I like this quote from an interesting article:
"For example, one toxin handler at a transportation company was told by her boss: "Tell those idiots out there to get their act together and finish the job by Friday, or else they'll be sorry!" Her response was to pull her staff together and put the directive in a form that conveyed the task but not the sentiment. "The boss needs us to complete this task by Friday," she told them, "so let's put our heads together and see what we need to do to meet this deadline." By taking the sting out of the boss's message, the toxin handler helped everyone to focus on the challenge rather than seeing the directive as an attack on their capabilities."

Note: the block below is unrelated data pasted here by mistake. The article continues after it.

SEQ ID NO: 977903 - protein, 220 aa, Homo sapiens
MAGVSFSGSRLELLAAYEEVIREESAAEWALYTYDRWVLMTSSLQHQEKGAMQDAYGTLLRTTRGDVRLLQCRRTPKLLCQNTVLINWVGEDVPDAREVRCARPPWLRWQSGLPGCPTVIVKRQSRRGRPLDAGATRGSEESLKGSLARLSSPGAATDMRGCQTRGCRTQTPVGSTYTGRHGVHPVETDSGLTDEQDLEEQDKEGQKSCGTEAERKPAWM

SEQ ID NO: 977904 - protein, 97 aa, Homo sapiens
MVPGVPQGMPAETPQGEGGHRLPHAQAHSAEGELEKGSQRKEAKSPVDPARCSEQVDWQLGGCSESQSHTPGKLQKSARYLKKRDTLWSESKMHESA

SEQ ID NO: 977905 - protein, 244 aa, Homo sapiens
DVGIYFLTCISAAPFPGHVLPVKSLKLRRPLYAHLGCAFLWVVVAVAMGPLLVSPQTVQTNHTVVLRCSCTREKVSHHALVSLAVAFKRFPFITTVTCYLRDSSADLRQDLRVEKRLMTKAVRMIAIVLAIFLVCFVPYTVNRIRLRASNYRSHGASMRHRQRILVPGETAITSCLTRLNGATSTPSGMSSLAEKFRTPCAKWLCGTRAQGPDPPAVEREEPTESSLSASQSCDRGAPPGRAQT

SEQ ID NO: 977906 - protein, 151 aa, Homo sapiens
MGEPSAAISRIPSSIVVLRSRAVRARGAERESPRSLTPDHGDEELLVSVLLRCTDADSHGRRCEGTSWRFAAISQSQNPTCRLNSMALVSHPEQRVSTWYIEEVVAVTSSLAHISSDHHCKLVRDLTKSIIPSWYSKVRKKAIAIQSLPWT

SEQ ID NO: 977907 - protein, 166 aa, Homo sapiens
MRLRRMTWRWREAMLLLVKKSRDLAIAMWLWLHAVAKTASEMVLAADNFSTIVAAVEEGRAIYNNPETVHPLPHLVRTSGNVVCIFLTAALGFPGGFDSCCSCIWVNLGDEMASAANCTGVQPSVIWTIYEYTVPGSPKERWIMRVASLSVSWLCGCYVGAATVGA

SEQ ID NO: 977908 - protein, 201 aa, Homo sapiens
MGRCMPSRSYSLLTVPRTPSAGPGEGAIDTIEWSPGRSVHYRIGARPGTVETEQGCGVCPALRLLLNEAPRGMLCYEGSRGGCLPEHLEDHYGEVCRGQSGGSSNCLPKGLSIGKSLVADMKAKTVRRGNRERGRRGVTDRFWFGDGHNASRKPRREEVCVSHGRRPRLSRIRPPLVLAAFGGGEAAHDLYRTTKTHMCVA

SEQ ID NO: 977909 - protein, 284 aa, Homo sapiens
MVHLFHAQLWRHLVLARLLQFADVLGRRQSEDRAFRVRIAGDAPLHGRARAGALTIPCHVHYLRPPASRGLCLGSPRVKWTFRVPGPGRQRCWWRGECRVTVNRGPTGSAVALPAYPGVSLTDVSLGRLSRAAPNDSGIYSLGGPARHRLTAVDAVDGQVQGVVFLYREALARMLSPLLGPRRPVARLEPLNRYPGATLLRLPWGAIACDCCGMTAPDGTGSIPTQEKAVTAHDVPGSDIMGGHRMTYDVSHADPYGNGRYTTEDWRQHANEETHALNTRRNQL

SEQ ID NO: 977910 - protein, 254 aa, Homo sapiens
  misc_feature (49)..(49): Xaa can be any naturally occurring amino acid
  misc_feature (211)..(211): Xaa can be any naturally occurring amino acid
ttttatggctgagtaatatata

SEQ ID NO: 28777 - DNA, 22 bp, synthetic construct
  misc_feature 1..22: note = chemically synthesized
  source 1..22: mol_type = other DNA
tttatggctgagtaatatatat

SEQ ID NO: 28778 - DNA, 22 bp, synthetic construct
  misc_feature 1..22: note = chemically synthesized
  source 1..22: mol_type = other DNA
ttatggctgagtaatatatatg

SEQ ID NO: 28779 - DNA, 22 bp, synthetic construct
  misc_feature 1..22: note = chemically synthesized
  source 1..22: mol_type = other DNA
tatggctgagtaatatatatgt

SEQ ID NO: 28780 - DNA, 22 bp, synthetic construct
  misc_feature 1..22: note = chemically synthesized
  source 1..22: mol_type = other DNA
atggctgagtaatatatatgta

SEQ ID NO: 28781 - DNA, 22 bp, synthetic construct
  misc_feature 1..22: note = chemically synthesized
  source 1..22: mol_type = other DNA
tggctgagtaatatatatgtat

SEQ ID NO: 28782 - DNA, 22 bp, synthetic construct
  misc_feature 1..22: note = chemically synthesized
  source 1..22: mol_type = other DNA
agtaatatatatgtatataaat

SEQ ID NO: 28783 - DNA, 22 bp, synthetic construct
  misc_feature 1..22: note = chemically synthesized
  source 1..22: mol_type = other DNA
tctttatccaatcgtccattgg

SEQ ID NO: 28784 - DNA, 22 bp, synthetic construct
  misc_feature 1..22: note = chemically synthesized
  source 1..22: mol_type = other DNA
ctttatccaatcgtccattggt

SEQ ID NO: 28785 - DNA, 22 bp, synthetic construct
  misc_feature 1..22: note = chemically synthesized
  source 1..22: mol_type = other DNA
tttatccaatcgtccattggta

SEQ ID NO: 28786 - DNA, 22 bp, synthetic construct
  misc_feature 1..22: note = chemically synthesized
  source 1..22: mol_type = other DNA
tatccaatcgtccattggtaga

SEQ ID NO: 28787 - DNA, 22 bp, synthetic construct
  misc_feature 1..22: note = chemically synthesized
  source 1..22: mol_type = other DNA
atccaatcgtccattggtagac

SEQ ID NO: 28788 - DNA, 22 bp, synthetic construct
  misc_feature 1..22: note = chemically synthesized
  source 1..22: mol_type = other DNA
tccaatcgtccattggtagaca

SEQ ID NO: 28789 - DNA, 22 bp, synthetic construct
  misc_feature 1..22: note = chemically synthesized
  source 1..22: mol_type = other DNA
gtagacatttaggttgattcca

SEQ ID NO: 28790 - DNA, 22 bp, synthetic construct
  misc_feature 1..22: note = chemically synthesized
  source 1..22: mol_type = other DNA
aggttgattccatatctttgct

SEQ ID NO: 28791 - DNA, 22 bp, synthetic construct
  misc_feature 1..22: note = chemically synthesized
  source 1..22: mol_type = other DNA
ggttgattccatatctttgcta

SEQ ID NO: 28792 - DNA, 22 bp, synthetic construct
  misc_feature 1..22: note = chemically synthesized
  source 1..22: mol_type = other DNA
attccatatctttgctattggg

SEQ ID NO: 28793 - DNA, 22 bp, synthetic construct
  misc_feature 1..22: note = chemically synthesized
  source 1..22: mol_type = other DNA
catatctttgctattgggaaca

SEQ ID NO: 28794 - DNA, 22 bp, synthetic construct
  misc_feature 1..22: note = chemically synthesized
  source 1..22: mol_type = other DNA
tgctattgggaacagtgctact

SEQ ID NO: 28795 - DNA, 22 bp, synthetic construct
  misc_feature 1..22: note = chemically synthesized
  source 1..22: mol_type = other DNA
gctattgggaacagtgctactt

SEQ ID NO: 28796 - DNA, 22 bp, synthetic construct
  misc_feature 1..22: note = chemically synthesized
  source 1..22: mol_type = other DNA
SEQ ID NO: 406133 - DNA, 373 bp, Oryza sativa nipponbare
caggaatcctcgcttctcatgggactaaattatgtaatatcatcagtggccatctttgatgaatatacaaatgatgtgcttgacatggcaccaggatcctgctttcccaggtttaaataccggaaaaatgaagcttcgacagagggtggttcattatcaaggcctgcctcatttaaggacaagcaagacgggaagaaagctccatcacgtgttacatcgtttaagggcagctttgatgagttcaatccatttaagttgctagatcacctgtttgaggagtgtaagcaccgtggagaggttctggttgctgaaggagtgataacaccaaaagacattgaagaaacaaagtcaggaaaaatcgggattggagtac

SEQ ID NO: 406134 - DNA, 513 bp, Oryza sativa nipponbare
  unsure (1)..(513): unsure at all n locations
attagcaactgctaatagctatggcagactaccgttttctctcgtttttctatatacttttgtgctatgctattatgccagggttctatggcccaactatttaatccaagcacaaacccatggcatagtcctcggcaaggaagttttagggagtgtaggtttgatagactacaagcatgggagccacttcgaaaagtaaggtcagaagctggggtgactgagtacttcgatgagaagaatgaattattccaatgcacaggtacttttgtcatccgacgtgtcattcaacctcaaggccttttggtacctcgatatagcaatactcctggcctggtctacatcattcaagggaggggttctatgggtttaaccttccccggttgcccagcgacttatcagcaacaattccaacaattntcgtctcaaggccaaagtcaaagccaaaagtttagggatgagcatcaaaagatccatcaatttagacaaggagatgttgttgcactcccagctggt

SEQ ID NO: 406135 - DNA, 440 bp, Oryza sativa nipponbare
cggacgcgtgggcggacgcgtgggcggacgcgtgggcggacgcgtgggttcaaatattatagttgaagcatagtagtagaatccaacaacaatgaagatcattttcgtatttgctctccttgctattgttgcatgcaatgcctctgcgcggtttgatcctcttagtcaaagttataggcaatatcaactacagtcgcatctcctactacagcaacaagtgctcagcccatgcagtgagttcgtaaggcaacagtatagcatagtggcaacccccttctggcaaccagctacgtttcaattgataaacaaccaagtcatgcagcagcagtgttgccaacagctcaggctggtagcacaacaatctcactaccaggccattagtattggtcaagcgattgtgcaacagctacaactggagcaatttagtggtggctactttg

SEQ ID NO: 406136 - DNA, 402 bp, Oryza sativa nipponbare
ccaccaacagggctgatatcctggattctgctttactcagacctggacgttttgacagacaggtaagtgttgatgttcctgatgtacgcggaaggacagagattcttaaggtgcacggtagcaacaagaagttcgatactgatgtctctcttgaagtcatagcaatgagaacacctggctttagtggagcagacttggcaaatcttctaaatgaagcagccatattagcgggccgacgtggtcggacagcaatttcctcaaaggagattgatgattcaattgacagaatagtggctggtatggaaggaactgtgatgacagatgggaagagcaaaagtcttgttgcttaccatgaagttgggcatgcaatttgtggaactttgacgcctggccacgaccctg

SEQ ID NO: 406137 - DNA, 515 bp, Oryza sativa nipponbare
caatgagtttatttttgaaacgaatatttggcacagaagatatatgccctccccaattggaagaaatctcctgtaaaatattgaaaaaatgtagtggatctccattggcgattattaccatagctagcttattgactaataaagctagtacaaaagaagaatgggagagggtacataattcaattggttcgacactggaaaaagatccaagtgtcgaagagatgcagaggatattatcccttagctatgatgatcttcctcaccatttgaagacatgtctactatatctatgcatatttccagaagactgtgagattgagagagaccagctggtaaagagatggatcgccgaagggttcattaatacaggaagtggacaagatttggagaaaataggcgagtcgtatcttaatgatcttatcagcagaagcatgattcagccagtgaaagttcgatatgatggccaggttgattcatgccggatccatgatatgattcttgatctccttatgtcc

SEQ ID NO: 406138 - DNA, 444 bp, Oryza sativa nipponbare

I screwed up once, I passed along the news to my guitarist that the guy who arranged a benefit show we were in didn't even put us on the list to play and the sound guy was desperately trying to squeeze us in.
Two things: First, don't play in benefit shows unless you have a lot of time on your hands. They are organized by people who don't know what they are doing. And the band member who books your band should be the busiest most practical one not the most bored. Second, facts are not to be passed on all dramatic and juicy like gossip. There is no point. Waiting is waiting and the reason won't change a thing. Actually if my loved one was in surgery, I wouldn't want them to come out and tell me, "It will be just a little bit longer. We're trying to stop the bleeding."
One of my friends has a strategy. After talking about something, say it's no problem. Leave it up to the listener to decide if and how much of a problem it is. Not conveying anger at all, just gee, this is interesting...
1 year ago